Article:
A few years ago, in the hot, hot summer, we had a big storm that knocked out power for over two weeks. They say it was a wind storm, but we all called it Hurricane Elvis. As it was summer, many people were away on vacation, had vacations planned, or just left town during the power outage. But I was a busy little event planner and had a wedding and a private event to plan and execute, so no leaving town for me. I lived in my hot, hot house with no lights and no air conditioning for the duration. My parents had two giant trees fall on their house, then breezily left for a planned trip overseas with the parting words “we expect the trees to be gone when we get back.” So despite the catastrophe, I was a busy little bee.
As it happened, this was the first year I had planted a garden in my newly constructed raised beds. I had carefully tended my tomato plants, and wouldn’t you know they all produced a bumper crop of gorgeous red tomatoes right during the storm. Now, I can only eat so many raw sliced tomatoes and I had way more than I could ever finish. Everyone I knew had left town, so there was no one to share them with. Under other circumstances, I would have made vats and vats of sauce and soup and frozen my bounty for the long winter. My gas stove worked, but of course I had no refrigeration and it was just too darn hot to slave over the burners. So the tomatoes wilted on the vine. After that, I decided planting tomatoes just wasn’t worth it.
But this year, I have re-entered the wannabe gardener world. My lettuce is magnificent, my radishes a triumph, and I am awaiting the zucchini. And I have planted tomatoes. I watch them carefully – one variety plant has already got some little green babies on it, the other plants are flowering. So barring any natural disasters, I hope to have another grand crop. But it is not here yet. So in the meantime, I am using the ripe, red cherry variety for my tomato fix. I find they are pretty tasty throughout the year, and pretty darn cute too.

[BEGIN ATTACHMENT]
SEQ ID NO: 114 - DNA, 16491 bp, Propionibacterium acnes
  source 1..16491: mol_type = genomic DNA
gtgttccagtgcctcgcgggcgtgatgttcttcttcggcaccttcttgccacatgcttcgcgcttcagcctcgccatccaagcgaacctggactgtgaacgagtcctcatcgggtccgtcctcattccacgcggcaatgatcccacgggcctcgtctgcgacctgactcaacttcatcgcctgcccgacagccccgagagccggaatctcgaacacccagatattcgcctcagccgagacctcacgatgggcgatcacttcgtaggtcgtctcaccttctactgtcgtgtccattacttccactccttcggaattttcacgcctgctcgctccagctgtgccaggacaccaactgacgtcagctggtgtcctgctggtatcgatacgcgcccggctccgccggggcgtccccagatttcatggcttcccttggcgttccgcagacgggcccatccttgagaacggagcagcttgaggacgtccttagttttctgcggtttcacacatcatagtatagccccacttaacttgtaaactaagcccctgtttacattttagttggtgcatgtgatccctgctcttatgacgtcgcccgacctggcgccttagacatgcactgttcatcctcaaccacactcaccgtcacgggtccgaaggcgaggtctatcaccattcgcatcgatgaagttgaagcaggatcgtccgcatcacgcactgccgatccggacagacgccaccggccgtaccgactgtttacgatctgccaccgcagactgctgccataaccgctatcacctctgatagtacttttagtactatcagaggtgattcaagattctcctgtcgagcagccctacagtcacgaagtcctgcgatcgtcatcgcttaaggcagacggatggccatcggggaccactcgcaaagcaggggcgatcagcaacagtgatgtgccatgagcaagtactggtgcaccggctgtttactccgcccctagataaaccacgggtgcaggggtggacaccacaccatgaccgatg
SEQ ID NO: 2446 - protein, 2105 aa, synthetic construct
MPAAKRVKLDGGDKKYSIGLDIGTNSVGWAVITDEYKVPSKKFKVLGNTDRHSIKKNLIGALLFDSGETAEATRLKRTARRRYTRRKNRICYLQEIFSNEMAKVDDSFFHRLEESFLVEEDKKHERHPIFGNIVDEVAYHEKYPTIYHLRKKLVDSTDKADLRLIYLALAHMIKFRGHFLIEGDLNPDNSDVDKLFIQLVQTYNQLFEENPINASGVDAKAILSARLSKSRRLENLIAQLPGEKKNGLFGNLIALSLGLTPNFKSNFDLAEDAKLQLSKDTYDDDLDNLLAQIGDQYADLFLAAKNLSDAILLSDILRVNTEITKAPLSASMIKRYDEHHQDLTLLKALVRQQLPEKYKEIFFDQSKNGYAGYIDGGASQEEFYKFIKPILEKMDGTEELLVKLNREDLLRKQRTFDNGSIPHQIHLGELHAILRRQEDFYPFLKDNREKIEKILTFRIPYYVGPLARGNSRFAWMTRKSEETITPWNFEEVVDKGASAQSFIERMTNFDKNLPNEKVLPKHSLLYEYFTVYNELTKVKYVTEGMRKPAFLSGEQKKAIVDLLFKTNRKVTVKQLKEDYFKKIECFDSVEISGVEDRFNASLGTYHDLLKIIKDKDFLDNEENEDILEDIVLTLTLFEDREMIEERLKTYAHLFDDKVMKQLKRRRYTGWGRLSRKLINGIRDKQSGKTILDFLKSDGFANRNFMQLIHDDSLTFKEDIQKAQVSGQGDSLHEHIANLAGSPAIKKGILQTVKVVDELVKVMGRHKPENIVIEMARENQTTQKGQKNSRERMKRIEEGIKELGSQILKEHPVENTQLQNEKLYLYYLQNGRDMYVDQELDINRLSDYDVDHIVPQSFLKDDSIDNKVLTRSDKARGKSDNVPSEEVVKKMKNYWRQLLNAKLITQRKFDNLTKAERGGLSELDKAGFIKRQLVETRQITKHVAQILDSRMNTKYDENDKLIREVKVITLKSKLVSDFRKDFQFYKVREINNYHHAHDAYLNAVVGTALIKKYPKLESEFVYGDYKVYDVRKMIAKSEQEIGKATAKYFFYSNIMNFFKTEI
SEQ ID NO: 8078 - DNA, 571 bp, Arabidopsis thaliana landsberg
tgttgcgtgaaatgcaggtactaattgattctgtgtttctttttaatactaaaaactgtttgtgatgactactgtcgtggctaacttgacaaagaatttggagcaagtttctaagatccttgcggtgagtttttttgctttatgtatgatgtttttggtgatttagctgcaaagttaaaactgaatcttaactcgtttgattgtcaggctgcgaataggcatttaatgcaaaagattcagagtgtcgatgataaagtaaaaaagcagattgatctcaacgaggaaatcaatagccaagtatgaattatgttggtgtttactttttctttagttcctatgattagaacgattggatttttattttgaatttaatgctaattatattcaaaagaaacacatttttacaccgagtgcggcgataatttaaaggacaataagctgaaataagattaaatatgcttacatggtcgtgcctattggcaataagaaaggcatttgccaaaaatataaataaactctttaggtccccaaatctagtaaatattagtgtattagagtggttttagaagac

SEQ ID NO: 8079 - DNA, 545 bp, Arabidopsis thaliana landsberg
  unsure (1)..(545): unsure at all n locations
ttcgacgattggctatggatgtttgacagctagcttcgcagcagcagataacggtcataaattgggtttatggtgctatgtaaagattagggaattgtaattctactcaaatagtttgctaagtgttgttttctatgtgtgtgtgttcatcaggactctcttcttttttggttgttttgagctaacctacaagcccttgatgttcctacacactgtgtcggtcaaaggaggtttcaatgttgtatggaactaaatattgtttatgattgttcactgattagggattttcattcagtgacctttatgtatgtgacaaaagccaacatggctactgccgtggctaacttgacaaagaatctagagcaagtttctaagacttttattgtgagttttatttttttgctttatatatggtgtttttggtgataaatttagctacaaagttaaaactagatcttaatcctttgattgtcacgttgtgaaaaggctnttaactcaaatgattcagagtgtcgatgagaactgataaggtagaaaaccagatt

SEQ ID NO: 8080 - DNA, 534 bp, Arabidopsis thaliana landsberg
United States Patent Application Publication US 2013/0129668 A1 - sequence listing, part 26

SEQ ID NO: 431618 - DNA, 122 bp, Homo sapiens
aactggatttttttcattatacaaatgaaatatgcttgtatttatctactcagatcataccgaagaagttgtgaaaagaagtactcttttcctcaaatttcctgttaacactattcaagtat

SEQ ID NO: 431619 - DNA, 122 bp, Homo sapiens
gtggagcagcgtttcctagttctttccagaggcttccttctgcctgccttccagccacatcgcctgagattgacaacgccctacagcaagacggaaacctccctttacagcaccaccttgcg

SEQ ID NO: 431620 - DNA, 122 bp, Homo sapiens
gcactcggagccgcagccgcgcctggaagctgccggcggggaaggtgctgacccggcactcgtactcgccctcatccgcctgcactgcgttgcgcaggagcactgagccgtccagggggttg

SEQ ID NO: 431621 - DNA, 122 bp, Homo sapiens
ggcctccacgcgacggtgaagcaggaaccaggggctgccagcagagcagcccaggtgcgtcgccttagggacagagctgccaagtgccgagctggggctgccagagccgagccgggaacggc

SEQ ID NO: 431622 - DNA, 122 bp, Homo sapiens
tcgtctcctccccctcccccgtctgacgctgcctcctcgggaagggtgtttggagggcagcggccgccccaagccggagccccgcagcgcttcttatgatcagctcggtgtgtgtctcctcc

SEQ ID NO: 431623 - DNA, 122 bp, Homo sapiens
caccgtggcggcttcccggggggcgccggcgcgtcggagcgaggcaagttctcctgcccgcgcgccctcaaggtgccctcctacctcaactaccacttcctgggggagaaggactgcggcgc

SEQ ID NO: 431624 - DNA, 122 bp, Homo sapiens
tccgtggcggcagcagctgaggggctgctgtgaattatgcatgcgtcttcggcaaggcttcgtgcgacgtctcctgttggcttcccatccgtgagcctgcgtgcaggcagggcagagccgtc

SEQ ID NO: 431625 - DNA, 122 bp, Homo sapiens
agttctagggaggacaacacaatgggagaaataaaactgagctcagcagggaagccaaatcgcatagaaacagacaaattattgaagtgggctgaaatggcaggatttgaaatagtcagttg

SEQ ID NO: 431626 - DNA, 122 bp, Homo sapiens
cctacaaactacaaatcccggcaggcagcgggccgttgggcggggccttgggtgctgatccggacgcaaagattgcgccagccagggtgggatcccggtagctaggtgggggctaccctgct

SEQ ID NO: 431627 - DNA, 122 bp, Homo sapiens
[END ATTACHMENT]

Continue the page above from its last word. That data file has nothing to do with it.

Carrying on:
I use a rectangular tart tin, but a round tin will work just as well. It may take more or less tomatoes.
1 sheet puff pastry, room temperature
45 round cherry tomatoes
1 ball fresh mozzarella cheese
2 bunches (about 1 ounce each) fresh basil
2 Tablespoons freshly grated parmesan cheese
2 Tablespoons pine nuts
1 cup whole milk ricotta cheese
Salt and pepper to taste
Olive oil for drizzling
Preheat the oven to 350 degrees.
Wash the tomatoes and pat them dry. Using a small, sharp paring knife, gently cut out the core of each tomato, scraping the inside lightly to remove seeds. I find a sturdy ¼ teaspoon measuring spoon helps with this job. Be carefully not to cut through the flesh or squash the tomato. You want to create a little cavity for the mozzarella to fit in. Place each tomato cut side down on a few layers of paper towels to drain for 20 – 30 minutes.
Meanwhile, on a lightly floured surface, roll out the puff pastry to fit into a removable bottom 10 inch round or an 11 by 7 inch rectangular tin. Gently fit the pastry into the tin, using a small ball of pastry to press the dough into the corners and sides. Poke all over with the tines of fork
In a food processor (I like the mini one for this), pulse one bunch of basil leaves a few times until roughly chopped. Add the parmesan and pine nuts and pulse a few more times to chop the nuts. Add the ricotta and egg, a grind of pepper and a pinch of salt and process to a smooth paste, scraping down the sides of the bowl at least once. Using a small offset spatula (or the back of a big spoon), spread the filling in an even layer over the bottom of the pastry. Set aside.
Cut the mozzarella into small cubes to fit in the tomato cavities. Lightly press on cube of mozzarella into each tomato. If some seeds or juice squish out of the tomatoes, carefully wipe it away. Place the filled tomatoes in rows in the prepared tart, pressing lightly into the filling. Sprinkle pepper and salt lightly over the tomatoes.
Very gently brush the top of the tart with extra virgin olive oil and place in the oven. While the tart is baking, cut about 6 of the remaining basil leaves into a chiffonade (Stack the leaves up, roll them like a cigar, then cut very thin ribbons with a sharp knife or scissors). When the tart has been in the oven 15 minutes, remove it and sprinkle the basil over the top. Return to the oven and cook a further 15 – 20 minutes until the tomatoes are shriveled and the mozzarella is melted.
Leave to cool for 15 minutes before slicing and serving. Sprinkle additional basil chiffonade on top if desired.
Serves 6 – 8